• On Friday I was doodling and was finally able to draw a design that I've been trying to figure out for months now. Somehow I got it right. I'm looking forward to using it in this quilt!
Related Links
Linky Parties
I will be linking this post to a few link-ups. Come and see what's happening! Can I Get A Whoop Whoop?, Free Motion Mavericks, Oh Scrap!, Monday Making, Main Crush Monday, Design Wall Monday, Quilter's Monday, Linky TuesdayMidweek MakersLet's Bee SocialNeedle & Thread Thursday,

Great News! My Free Motion Quilting was featured by Connie on Linky Tuesday, while Hearty Penguin was featured by Susan on Midweek Makers. Hooray! 

Sunday, February 04, 2018

Starry Bright Sky - Block 1

The deadline is today. I feel like the baseball player who just slides onto first base, just before the first base-person catches the ball! I'm not sure where that came from except that I was hustling it when doing my zigzag stitch!
Block 1 - Appliqué of Starry Bright Sky QAL

Block 1 - Starry Bright Sky

I realised yesterday that I still hadn't started my first block. I really considered not playing along this year, but Alida does such a great job, and I really liked and learned from last year's quilt along, so it wasn't a very difficult decision to make.

I hadn't even thought about fabric. Thank goodness it didn't take long to take out all of my dark blue Kona solids and my printed yellow fabrics. They are now in a project bag, waiting for the next block. 😊

Alida's instructions mentioned using fusible web interfacing. I'm not sure if it's the same thing but I used some Heat & Bond adhesive. I'm not sure if there is a difference, but it worked fine. I tend to skip those part of the instructions but decided to use the adhesive since I didn't want the star to move around while doing all that zigzag.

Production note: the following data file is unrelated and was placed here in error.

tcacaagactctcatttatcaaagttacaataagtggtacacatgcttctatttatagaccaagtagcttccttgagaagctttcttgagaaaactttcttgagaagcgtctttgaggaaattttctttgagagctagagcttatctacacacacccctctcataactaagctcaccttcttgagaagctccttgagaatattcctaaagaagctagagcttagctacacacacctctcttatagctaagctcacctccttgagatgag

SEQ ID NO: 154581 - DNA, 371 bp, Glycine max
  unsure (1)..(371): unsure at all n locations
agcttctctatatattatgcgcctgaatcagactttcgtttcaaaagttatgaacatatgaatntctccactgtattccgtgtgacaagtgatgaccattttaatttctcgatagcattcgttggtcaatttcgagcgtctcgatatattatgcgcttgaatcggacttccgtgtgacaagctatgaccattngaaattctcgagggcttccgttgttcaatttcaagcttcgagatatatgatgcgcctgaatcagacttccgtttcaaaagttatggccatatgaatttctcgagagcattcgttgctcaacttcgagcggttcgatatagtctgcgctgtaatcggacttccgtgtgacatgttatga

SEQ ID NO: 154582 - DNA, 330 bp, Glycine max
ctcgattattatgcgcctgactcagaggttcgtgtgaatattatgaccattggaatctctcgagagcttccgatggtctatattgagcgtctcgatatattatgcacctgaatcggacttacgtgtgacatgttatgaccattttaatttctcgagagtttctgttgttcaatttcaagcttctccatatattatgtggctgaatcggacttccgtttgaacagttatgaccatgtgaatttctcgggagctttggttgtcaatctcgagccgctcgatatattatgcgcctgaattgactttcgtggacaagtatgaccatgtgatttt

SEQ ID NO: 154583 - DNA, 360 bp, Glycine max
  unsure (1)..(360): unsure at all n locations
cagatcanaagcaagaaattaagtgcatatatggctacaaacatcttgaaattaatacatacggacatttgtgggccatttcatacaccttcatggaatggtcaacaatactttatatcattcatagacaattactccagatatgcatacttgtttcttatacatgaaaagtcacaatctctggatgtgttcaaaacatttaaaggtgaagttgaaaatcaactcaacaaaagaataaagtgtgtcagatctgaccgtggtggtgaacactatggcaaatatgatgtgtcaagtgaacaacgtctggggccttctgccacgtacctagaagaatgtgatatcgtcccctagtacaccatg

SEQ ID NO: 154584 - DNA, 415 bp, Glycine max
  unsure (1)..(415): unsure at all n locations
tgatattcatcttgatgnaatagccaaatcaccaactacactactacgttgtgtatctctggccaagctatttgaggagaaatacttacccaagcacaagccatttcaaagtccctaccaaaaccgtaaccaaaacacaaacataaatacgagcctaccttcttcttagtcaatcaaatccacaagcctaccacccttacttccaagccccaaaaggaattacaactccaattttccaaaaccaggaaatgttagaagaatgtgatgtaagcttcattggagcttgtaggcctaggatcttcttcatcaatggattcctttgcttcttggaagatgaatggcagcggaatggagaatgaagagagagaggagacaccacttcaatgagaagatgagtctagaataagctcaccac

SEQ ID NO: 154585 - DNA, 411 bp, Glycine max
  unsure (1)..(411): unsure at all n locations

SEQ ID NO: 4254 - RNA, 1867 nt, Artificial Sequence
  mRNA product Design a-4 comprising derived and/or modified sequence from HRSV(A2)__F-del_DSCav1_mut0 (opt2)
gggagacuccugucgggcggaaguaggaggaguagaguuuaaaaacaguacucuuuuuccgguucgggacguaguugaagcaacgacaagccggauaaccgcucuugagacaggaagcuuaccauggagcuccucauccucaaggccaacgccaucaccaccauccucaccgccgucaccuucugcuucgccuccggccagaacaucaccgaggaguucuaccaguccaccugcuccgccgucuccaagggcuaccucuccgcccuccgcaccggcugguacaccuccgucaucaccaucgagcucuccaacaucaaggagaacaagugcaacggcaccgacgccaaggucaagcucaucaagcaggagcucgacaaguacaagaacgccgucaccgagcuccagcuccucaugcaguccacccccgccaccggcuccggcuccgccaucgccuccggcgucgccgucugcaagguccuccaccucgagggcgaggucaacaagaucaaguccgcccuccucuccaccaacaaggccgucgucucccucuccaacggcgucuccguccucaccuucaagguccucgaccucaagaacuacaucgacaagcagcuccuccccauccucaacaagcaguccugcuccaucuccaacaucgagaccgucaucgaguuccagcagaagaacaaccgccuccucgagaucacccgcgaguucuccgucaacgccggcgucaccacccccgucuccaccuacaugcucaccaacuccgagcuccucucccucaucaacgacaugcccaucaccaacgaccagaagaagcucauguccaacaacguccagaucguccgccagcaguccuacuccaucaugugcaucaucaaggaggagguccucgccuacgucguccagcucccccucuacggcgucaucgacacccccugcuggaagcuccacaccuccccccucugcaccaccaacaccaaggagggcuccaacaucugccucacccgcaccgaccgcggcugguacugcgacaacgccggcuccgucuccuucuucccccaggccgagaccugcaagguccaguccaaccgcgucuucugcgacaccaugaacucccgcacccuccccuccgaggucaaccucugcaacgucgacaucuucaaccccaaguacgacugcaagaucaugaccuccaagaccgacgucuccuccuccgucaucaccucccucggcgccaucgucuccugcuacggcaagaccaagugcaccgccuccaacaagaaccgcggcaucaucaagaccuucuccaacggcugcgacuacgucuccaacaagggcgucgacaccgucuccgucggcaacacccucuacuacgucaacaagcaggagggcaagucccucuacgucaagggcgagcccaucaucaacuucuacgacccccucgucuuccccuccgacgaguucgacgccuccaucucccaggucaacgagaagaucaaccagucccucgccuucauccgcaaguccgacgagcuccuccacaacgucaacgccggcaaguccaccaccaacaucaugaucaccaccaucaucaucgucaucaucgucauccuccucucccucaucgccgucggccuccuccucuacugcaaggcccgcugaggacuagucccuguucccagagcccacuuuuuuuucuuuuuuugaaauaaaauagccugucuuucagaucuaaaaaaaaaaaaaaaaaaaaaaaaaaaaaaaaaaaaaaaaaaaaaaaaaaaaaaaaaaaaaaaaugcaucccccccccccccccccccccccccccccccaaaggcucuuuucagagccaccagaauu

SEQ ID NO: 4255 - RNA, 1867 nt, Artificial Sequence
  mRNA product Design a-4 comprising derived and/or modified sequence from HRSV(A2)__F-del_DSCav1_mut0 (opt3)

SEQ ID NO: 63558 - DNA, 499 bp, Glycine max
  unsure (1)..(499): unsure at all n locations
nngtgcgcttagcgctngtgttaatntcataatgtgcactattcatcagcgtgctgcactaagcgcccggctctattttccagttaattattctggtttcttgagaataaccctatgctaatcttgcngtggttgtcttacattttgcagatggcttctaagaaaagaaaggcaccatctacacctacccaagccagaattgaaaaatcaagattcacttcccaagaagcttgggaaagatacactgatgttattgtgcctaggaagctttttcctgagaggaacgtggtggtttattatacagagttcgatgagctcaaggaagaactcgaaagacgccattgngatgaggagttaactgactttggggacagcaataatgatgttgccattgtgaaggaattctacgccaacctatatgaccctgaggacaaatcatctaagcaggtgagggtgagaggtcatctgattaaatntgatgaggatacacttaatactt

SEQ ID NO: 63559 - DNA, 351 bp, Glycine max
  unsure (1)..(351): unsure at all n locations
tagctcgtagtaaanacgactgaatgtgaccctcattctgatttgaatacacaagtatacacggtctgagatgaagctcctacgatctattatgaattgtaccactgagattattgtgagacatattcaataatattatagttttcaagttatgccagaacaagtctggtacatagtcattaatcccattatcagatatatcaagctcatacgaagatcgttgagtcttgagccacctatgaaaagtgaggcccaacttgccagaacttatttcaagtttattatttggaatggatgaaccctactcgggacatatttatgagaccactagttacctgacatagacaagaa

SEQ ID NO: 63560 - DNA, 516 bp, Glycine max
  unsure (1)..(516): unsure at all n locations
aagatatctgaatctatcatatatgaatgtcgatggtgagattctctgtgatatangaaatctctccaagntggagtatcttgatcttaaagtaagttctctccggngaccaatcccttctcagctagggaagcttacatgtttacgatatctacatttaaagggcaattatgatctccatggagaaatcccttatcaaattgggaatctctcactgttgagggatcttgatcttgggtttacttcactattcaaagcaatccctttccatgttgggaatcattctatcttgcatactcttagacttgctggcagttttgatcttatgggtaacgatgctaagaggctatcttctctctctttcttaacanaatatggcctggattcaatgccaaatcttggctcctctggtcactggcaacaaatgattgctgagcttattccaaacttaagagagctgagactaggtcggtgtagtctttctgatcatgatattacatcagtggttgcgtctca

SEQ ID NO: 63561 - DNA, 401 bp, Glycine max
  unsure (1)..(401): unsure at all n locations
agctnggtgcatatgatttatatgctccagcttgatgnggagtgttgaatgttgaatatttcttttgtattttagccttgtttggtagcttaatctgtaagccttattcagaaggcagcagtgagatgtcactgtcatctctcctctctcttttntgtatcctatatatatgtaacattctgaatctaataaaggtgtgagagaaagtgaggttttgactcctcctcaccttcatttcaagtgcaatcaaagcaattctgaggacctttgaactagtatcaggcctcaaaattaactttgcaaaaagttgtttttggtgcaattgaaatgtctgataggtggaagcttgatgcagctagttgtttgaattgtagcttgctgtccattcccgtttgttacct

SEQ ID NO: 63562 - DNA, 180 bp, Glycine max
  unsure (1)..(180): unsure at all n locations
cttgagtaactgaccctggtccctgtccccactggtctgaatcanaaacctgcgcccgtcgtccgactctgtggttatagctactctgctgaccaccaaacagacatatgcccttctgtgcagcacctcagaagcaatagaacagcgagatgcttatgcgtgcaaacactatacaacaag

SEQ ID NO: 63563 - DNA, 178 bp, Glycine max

I have now completed my To-Do Tuesday goal! Now for my OMG (One Month Goal)...

"Not playing the supporting role!" Quilt

I have now finished free motion quilting (FMQ) in-the-ditch most of the seams in the quilt - as many as I'm going to anyway.

I'm looking forward to playing some more. I want to stitch each block, but not too densely since this is my cuddle quilt - perfect with a good book (or my Kobo).
All the seams have been stitched - now the fun begins!
Landscape Quilt

This is the funky landscape Jo liked
One of my daughter's friend graduated from nursing school last year and is now a Registered Nurse, living in her first apartment. She's a real sweetheart and always has nice things to say about my quilts. So my daughter showed her a few of my quilts and she decided on a funky landscape quilt. It's going to be fairly wide but I'll keep it simple and play with the embellishments.

It's always easier for me to have a picture to use when creating these, even if I don't always follow them, so here are the pictures that I chose. My plan is to use the first picture below as the background and to add the driftwood logs (without me) in the foreground.
The Rockies

Driftwood logs for the foreground
My husband and I took these pictures in British Columbia a few years ago. I've always wanted to make them into a quilt, so here's my chance.

My goal for To-Do Tuesday this week is to start on this quilt by auditioning fabrics. If it's going to be a funky landscape, I'm thinking that some colourful batiks could be cool.